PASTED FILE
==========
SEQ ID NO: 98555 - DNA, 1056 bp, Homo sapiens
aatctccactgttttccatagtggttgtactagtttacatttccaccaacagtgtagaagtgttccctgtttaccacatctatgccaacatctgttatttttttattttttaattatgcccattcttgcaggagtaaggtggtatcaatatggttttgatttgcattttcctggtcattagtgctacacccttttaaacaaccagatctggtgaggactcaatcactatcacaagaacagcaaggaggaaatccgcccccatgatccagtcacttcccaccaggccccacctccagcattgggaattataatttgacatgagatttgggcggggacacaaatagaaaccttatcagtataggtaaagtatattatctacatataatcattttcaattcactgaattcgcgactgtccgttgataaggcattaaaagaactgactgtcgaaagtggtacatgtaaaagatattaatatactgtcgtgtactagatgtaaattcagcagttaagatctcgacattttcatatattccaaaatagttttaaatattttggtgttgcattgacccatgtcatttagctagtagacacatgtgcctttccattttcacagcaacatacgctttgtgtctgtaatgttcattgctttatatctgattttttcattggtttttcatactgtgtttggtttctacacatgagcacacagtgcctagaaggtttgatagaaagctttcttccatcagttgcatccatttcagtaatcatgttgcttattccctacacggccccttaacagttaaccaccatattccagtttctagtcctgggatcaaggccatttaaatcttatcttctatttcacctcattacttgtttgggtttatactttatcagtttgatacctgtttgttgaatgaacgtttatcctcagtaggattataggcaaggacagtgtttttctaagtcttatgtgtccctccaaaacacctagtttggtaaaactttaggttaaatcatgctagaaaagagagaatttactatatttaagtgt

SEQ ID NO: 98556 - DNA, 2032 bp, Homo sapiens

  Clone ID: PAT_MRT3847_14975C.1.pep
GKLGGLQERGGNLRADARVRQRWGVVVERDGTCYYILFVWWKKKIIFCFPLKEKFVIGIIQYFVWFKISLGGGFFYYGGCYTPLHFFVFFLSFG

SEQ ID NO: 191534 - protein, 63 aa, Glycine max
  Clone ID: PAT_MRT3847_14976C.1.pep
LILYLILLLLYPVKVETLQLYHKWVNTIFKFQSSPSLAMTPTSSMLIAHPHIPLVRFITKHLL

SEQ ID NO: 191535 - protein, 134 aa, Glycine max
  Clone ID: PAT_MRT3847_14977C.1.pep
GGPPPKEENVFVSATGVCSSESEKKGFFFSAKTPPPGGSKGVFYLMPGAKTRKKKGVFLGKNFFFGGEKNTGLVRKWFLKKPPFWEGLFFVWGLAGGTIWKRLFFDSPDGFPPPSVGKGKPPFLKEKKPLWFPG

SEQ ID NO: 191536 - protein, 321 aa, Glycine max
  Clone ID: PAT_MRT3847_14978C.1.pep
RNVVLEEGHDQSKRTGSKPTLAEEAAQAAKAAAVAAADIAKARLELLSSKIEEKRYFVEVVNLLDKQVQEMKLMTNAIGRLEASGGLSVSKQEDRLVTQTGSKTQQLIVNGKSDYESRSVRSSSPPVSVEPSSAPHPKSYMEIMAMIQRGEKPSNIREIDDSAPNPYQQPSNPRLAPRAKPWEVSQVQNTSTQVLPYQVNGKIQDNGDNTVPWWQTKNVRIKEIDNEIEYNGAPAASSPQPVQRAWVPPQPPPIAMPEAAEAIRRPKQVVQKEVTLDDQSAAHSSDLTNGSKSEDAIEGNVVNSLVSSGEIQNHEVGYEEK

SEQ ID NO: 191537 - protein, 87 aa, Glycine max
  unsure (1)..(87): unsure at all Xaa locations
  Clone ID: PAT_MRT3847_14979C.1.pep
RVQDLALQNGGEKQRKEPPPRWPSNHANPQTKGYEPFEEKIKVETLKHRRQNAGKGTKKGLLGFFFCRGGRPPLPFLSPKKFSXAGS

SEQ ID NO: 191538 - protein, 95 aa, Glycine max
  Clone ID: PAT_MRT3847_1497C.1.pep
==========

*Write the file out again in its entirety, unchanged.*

SEQ ID NO: 98555 - DNA, 1056 bp, Homo sapiens
aatctccactgttttccatagtggttgtactagtttacatttccaccaacagtgtagaagtgttccctgtttaccacatctatgccaacatctgttatttttttattttttaattatgcccattcttgcaggagtaaggtggtatcaatatggttttgatttgcattttcctggtcattagtgctacacccttttaaacaaccagatctggtgaggactcaatcactatcacaagaacagcaaggaggaaatccgcccccatgatccagtcacttcccaccaggccccacctccagcattgggaattataatttgacatgagatttgggcggggacacaaatagaaaccttatcagtataggtaaagtatattatctacatataatcattttcaattcactgaattcgcgactgtccgttgataaggcattaaaagaactgactgtcgaaagtggtacatgtaaaagatattaatatactgtcgtgtactagatgtaaattcagcagttaagatctcgacattttcatatattccaaaatagttttaaatattttggtgttgcattgacccatgtcatttagctagtagacacatgtgcctttccattttcacagcaacatacgctttgtgtctgtaatgttcattgctttatatctgattttttcattggtttttcatactgtgtttggtttctacacatgagcacacagtgcctagaaggtttgatagaaagctttcttccatcagttgcatccatttcagtaatcatgttgcttattccctacacggccccttaacagttaaccaccatattccagtttctagtcctgggatcaaggccatttaaatcttatcttctatttcacctcattacttgtttgggtttatactttatcagtttgatacctgtttgttgaatgaacgtttatcctcagtaggattataggcaaggacagtgtttttctaagtcttatgtgtccctccaaaacacctagtttggtaaaactttaggttaaatcatgctagaaaagagagaatttactatatttaagtgt

SEQ ID NO: 98556 - DNA, 2032 bp, Homo sapiens

  Clone ID: PAT_MRT3847_14975C.1.pep
GKLGGLQERGGNLRADARVRQRWGVVVERDGTCYYILFVWWKKKIIFCFPLKEKFVIGIIQYFVWFKISLGGGFFYYGGCYTPLHFFVFFLSFG

SEQ ID NO: 191534 - protein, 63 aa, Glycine max
  Clone ID: PAT_MRT3847_14976C.1.pep
LILYLILLLLYPVKVETLQLYHKWVNTIFKFQSSPSLAMTPTSSMLIAHPHIPLVRFITKHLL

SEQ ID NO: 191535 - protein, 134 aa, Glycine max
  Clone ID: PAT_MRT3847_14977C.1.pep
GGPPPKEENVFVSATGVCSSESEKKGFFFSAKTPPPGGSKGVFYLMPGAKTRKKKGVFLGKNFFFGGEKNTGLVRKWFLKKPPFWEGLFFVWGLAGGTIWKRLFFDSPDGFPPPSVGKGKPPFLKEKKPLWFPG

SEQ ID NO: 191536 - protein, 321 aa, Glycine max
  Clone ID: PAT_MRT3847_14978C.1.pep
RNVVLEEGHDQSKRTGSKPTLAEEAAQAAKAAAVAAADIAKARLELLSSKIEEKRYFVEVVNLLDKQVQEMKLMTNAIGRLEASGGLSVSKQEDRLVTQTGSKTQQLIVNGKSDYESRSVRSSSPPVSVEPSSAPHPKSYMEIMAMIQRGEKPSNIREIDDSAPNPYQQPSNPRLAPRAKPWEVSQVQNTSTQVLPYQVNGKIQDNGDNTVPWWQTKNVRIKEIDNEIEYNGAPAASSPQPVQRAWVPPQPPPIAMPEAAEAIRRPKQVVQKEVTLDDQSAAHSSDLTNGSKSEDAIEGNVVNSLVSSGEIQNHEVGYEEK

SEQ ID NO: 191537 - protein, 87 aa, Glycine max
  unsure (1)..(87): unsure at all Xaa locations
  Clone ID: PAT_MRT3847_14979C.1.pep
RVQDLALQNGGEKQRKEPPPRWPSNHANPQTKGYEPFEEKIKVETLKHRRQNAGKGTKKGLLGFFFCRGGRPPLPFLSPKKFSXAGS

SEQ ID NO: 191538 - protein, 95 aa, Glycine max
  Clone ID: PAT_MRT3847_1497C.1.pep